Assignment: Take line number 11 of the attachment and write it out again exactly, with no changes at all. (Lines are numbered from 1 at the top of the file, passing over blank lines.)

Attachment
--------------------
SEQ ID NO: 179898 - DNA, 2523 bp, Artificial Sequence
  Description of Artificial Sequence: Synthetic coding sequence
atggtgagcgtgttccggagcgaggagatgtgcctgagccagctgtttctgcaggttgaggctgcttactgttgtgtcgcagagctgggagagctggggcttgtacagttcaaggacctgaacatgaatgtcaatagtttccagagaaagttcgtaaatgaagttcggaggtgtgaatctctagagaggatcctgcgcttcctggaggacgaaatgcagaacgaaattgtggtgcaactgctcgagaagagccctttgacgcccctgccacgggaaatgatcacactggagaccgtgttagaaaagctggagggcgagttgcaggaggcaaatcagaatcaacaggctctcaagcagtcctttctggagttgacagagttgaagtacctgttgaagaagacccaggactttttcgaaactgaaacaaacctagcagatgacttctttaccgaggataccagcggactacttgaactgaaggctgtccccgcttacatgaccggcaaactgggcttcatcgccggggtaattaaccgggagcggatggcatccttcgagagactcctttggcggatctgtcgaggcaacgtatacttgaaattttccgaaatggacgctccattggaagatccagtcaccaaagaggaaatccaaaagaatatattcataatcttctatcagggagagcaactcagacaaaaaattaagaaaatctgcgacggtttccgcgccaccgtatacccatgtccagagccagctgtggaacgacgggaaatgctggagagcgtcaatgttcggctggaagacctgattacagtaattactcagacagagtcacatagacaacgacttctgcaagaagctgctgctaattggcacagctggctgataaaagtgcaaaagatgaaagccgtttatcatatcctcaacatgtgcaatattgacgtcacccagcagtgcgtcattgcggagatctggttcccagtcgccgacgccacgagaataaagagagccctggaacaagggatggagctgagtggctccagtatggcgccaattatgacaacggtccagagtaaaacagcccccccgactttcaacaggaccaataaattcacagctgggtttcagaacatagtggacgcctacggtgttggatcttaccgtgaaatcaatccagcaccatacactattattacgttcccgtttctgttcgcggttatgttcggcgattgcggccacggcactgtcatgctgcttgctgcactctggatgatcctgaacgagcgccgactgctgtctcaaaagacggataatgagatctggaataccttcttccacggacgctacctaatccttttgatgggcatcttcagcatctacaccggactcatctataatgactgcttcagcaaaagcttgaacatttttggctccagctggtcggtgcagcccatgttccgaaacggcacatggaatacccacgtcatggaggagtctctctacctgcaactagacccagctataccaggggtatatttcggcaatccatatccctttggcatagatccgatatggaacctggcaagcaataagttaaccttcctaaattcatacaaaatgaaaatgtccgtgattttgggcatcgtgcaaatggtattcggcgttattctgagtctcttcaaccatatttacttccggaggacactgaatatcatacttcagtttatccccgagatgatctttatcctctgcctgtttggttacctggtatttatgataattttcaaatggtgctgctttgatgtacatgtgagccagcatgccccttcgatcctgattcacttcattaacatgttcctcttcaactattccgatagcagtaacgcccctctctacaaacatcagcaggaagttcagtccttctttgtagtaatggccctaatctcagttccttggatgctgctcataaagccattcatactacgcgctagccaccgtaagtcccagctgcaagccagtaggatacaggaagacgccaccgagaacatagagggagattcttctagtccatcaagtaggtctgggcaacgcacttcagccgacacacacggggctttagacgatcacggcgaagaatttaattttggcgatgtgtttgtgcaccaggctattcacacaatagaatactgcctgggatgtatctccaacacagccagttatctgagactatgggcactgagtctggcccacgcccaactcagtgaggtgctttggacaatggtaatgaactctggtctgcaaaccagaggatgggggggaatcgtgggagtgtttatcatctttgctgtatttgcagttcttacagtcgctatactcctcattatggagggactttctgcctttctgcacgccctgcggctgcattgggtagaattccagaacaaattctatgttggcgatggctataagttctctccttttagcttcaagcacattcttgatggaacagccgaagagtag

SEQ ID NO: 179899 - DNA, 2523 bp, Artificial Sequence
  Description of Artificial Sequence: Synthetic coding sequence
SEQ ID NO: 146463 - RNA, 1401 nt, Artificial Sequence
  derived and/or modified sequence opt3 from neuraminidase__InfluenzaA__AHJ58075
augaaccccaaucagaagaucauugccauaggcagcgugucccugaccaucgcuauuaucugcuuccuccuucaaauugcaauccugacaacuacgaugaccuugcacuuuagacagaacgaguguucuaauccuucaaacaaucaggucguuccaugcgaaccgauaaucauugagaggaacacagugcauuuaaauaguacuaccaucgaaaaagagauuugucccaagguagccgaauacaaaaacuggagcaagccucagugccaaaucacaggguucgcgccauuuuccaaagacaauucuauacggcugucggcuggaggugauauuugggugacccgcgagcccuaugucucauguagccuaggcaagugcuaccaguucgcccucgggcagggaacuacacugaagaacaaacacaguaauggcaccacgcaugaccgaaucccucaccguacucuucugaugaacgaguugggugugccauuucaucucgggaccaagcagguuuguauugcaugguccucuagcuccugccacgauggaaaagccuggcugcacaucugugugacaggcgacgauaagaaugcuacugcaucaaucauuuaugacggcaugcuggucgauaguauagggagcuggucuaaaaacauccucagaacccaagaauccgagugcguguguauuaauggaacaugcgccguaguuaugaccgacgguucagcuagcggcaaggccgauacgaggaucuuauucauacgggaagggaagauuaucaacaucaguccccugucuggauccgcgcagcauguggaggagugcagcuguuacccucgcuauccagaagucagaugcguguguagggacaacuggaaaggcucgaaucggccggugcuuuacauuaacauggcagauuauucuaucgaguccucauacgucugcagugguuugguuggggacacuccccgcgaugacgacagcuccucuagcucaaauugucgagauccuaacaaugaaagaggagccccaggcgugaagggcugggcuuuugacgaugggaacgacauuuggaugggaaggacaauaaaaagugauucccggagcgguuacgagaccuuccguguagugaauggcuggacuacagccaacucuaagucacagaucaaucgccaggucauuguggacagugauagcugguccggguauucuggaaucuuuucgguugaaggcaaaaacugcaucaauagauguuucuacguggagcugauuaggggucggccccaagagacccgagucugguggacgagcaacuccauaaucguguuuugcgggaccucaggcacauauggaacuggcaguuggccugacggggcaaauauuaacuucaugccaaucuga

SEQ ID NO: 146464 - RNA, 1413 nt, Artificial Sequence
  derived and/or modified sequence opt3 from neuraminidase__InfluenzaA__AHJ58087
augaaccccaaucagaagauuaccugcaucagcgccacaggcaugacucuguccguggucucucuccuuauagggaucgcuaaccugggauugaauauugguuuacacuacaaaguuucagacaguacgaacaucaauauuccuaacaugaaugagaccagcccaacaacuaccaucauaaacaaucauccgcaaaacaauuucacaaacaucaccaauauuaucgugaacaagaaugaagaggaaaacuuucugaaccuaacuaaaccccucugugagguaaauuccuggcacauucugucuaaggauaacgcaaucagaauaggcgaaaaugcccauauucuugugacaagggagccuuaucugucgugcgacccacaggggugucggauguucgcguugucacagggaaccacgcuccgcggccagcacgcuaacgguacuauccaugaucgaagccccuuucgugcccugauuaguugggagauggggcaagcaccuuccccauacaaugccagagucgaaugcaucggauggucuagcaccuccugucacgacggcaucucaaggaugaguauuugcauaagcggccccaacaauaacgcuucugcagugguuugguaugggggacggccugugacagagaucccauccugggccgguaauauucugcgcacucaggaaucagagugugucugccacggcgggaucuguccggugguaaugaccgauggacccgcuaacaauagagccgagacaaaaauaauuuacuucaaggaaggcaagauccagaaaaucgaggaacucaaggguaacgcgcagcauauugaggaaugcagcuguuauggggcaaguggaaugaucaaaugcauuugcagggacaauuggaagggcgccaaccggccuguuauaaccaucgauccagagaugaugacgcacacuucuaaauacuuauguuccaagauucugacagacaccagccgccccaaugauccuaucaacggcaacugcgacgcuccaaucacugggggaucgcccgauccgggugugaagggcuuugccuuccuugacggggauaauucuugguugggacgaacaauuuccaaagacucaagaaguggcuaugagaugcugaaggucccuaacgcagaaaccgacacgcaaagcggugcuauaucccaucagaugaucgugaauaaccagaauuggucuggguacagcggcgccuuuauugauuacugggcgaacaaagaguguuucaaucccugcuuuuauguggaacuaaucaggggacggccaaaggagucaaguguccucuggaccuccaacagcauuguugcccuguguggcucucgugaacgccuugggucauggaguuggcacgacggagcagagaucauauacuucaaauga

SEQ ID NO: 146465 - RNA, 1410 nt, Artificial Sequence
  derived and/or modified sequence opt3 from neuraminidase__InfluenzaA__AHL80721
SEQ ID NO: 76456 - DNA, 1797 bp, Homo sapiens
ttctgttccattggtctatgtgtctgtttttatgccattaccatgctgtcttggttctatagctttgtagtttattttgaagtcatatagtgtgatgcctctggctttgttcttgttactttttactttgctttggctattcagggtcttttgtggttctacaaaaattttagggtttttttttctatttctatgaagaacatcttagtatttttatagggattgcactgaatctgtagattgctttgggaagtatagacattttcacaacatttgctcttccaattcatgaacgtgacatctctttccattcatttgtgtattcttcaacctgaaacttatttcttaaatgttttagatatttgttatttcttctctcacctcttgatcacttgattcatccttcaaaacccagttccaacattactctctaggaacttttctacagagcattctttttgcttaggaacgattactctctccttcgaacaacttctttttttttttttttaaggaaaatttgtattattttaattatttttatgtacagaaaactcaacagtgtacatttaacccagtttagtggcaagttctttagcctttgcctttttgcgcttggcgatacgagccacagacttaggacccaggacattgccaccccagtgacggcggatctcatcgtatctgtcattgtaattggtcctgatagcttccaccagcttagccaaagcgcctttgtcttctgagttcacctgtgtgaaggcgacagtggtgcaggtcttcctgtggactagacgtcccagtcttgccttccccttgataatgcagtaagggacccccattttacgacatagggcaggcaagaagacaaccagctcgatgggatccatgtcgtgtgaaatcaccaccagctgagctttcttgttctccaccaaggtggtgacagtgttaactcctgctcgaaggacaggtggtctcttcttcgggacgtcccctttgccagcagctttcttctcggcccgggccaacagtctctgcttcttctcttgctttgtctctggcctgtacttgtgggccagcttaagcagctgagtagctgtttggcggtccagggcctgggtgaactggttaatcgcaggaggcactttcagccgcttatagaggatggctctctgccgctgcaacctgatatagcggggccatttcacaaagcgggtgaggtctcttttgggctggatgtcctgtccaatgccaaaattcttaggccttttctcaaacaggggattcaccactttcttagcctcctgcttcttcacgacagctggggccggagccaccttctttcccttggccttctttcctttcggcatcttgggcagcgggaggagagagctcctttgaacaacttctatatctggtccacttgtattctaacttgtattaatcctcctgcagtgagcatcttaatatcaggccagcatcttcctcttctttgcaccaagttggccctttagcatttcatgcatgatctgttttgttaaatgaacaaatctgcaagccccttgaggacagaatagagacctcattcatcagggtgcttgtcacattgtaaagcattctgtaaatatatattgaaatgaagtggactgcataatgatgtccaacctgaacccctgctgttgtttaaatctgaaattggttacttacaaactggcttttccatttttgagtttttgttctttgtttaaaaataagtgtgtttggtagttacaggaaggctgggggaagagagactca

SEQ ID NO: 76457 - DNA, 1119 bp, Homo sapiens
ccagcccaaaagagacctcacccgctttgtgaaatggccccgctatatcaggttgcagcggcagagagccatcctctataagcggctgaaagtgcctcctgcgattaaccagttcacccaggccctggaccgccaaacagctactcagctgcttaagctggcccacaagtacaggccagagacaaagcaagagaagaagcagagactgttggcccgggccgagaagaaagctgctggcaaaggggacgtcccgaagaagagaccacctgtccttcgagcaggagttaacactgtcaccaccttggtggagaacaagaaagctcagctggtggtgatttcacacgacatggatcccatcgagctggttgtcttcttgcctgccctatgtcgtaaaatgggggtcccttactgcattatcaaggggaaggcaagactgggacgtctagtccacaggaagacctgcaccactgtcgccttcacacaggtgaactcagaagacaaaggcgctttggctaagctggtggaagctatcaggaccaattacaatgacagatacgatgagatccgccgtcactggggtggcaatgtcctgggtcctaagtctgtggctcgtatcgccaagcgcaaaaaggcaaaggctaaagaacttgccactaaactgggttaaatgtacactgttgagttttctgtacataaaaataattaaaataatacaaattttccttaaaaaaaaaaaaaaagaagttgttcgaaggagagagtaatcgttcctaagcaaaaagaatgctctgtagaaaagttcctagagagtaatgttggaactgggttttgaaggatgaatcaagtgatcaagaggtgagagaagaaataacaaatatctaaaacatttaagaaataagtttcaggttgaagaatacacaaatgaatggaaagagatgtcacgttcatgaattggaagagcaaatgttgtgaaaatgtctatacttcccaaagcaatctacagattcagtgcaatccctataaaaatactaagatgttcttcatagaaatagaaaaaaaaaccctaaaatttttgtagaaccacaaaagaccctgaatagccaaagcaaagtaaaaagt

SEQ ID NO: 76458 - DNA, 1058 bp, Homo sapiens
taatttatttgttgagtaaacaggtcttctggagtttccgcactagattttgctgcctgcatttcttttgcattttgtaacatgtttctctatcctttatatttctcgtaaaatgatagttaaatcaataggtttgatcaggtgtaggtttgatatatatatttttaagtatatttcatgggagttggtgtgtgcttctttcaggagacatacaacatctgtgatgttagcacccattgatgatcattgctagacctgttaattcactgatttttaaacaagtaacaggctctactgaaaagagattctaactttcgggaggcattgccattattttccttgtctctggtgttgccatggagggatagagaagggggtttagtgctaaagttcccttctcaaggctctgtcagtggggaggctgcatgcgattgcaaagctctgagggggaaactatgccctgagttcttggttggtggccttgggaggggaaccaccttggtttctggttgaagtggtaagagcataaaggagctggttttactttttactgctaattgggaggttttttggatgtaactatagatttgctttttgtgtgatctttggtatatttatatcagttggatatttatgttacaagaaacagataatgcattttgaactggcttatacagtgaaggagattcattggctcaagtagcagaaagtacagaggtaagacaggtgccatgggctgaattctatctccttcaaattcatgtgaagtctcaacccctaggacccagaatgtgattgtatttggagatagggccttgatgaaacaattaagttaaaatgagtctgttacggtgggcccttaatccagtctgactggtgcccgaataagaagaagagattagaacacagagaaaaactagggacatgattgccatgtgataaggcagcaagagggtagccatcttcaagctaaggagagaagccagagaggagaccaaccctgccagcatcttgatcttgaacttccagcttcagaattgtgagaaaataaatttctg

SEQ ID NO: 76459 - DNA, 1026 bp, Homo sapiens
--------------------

augaaccccaaucagaagauuaccugcaucagcgccacaggcaugacucuguccguggucucucuccuuauagggaucgcuaaccugggauugaauauugguuuacacuacaaaguuucagacaguacgaacaucaauauuccuaacaugaaugagaccagcccaacaacuaccaucauaaacaaucauccgcaaaacaauuucacaaacaucaccaauauuaucgugaacaagaaugaagaggaaaacuuucugaaccuaacuaaaccccucugugagguaaauuccuggcacauucugucuaaggauaacgcaaucagaauaggcgaaaaugcccauauucuugugacaagggagccuuaucugucgugcgacccacaggggugucggauguucgcguugucacagggaaccacgcuccgcggccagcacgcuaacgguacuauccaugaucgaagccccuuucgugcccugauuaguugggagauggggcaagcaccuuccccauacaaugccagagucgaaugcaucggauggucuagcaccuccugucacgacggcaucucaaggaugaguauuugcauaagcggccccaacaauaacgcuucugcagugguuugguaugggggacggccugugacagagaucccauccugggccgguaauauucugcgcacucaggaaucagagugugucugccacggcgggaucuguccggugguaaugaccgauggacccgcuaacaauagagccgagacaaaaauaauuuacuucaaggaaggcaagauccagaaaaucgaggaacucaaggguaacgcgcagcauauugaggaaugcagcuguuauggggcaaguggaaugaucaaaugcauuugcagggacaauuggaagggcgccaaccggccuguuauaaccaucgauccagagaugaugacgcacacuucuaaauacuuauguuccaagauucugacagacaccagccgccccaaugauccuaucaacggcaacugcgacgcuccaaucacugggggaucgcccgauccgggugugaagggcuuugccuuccuugacggggauaauucuugguugggacgaacaauuuccaaagacucaagaaguggcuaugagaugcugaaggucccuaacgcagaaaccgacacgcaaagcggugcuauaucccaucagaugaucgugaauaaccagaauuggucuggguacagcggcgccuuuauugauuacugggcgaacaaagaguguuucaaucccugcuuuuauguggaacuaaucaggggacggccaaaggagucaaguguccucuggaccuccaacagcauuguugcccuguguggcucucgugaacgccuugggucauggaguuggcacgacggagcagagaucauauacuucaaauga